The Florida State Board of Administration has committed $60 million to an Abry Partners equity and mezzanine debt fund, a new report shows.
The SBA made the commitment to Abry Senior Equity Fund V as part of its “strategic investments” platform, which encompasses the Tallahassee, Florida-based pension fund’s private debt investments, according to a first-quarter report.
“The SBA has a running relationship with Abry and believes they are a very good manager, running a successful debt product,” a pension spokesman told Private Debt Investor. The pension previously made commitments to Abry Senior Equity Fund IV ($60 million) and Fund III, according to PDI data.
SBA will continue to focus on emerging market private debt, particularly as banks withdraw from direct lending here and in Europe, and lending to commodity-related businesses, the manager report states.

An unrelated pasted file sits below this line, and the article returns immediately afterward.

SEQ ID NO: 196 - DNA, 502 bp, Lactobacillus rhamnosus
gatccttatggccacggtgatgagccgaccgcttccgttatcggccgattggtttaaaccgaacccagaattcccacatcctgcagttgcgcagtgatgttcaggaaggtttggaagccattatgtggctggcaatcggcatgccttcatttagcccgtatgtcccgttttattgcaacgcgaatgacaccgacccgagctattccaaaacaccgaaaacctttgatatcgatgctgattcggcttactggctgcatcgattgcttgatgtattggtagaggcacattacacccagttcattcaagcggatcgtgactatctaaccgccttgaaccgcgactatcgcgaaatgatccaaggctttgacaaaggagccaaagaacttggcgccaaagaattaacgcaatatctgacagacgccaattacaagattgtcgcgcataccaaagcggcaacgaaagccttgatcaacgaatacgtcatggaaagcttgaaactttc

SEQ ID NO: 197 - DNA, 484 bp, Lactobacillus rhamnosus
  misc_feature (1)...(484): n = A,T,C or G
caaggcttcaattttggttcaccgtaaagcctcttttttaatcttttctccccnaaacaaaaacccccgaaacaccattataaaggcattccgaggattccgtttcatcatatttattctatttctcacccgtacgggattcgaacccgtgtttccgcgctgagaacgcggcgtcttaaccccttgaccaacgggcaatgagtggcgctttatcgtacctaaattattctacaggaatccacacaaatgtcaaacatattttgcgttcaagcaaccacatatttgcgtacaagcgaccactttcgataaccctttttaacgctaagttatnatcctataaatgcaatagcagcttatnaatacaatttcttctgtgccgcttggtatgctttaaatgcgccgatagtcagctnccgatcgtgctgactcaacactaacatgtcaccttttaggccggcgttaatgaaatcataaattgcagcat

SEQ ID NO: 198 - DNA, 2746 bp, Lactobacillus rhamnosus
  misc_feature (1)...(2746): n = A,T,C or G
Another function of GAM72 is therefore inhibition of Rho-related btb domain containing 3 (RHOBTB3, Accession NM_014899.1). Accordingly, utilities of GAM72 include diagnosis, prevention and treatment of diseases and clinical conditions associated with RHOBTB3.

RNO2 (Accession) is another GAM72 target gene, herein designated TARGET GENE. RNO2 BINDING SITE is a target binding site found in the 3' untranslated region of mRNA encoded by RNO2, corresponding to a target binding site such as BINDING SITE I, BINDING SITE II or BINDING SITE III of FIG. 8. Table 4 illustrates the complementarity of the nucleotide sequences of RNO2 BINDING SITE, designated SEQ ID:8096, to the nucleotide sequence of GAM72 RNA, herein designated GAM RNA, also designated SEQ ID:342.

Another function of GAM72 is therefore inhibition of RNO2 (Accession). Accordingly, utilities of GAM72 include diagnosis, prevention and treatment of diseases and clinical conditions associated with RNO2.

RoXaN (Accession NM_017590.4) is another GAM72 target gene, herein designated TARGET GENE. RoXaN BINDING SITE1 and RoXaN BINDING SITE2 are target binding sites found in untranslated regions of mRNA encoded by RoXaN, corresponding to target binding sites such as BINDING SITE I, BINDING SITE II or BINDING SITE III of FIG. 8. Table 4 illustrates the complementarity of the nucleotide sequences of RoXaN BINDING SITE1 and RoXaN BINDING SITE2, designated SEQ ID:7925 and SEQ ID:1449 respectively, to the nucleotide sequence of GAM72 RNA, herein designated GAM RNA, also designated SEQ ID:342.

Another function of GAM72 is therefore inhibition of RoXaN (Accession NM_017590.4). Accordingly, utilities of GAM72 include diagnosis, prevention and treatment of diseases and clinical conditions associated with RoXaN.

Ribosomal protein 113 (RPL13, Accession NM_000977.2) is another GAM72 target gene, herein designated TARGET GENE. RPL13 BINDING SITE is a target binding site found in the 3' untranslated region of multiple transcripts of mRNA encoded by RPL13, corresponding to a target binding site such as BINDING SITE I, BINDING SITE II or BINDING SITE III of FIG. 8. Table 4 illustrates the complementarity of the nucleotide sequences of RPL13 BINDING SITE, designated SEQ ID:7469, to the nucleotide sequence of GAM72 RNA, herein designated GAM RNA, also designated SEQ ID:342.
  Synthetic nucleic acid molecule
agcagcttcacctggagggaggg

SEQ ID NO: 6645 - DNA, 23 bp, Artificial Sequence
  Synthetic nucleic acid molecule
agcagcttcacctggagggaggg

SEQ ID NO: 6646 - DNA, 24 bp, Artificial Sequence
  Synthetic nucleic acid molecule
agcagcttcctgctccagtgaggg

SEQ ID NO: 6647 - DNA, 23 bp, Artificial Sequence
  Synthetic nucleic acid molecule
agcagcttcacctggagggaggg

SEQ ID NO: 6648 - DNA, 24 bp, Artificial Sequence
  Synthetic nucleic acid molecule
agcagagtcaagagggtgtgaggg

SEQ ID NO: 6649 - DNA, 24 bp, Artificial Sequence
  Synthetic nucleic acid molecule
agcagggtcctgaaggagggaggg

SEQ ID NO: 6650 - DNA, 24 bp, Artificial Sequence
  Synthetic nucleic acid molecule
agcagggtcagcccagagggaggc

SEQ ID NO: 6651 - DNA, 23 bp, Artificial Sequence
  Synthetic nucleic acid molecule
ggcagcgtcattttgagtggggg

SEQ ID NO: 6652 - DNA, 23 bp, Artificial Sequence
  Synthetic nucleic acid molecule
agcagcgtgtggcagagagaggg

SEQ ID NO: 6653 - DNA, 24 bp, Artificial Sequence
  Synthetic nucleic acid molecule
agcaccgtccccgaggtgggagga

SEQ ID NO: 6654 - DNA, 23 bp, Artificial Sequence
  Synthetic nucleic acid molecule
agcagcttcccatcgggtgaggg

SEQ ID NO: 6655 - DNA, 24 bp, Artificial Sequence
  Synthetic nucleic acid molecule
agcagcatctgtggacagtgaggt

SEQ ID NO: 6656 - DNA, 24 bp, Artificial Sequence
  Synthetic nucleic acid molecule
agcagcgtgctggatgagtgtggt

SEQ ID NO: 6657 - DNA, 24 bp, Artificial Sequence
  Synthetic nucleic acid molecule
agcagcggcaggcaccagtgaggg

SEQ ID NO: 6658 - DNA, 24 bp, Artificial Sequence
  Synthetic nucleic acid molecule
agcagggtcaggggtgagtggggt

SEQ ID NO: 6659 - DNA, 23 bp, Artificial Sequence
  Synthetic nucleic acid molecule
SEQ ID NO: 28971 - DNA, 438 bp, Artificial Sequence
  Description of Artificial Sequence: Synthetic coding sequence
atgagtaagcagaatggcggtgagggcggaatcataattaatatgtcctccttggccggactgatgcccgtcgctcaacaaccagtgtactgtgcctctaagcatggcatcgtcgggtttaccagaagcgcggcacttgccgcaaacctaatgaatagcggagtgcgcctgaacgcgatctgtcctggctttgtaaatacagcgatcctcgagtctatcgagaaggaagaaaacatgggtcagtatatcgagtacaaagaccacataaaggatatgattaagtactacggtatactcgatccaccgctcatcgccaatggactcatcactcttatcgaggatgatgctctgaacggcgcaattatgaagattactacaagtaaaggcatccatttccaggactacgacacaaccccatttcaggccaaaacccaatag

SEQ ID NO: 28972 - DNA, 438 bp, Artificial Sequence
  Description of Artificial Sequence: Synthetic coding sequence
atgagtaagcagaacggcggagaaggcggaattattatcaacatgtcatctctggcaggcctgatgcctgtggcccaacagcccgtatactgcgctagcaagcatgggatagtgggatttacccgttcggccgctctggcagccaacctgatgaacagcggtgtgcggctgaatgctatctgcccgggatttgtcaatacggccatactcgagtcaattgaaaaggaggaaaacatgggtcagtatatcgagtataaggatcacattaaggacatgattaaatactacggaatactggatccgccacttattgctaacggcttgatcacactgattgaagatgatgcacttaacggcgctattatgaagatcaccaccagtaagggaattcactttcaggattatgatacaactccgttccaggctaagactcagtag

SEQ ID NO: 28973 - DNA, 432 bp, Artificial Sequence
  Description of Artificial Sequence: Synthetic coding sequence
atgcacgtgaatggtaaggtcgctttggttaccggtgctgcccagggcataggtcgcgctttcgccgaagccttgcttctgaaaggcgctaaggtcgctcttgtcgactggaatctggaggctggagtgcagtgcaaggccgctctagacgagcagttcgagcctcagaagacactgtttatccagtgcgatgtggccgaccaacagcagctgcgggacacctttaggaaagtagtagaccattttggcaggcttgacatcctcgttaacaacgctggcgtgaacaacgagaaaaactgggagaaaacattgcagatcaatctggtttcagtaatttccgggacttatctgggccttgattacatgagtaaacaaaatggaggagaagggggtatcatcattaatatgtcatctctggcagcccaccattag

The pension plan’s strategic investments pipeline consists of 14 funds totaling $1.6 billion, according to the March board meeting minutes. The fund’s total assets under management totalled $191.1 billion as of 28 April.
SBA’s debt portfolio was about 30 percent of its total book by the end of last year, according to the March meeting documents. Over the fourth quarter alone, SBA made a total of $450 million in commitments to private debt funds, as Private Debt Investor reported.
Trent Webster, senior investment officer of strategic investments, said during a December board meeting that, in general, mezzanine debt investments in the lower mid-market can bring investors 8 to 10 percent coupons, according to a transcript of the meeting.
The pension’s junior debt strategy includes traditional mezzanine capital but can provide convertible preferred shares, he added.
On top of mezzanine debt, the pension is a big investor in distressed debt, which accounted for about half of its debt portfolio as of December, Webster also said that month.
“We like distressed as a strategy, even though it can be very cyclical, but it's the ultimate value strategy, and we think that we can get equity-like returns for less than equity-like risk.”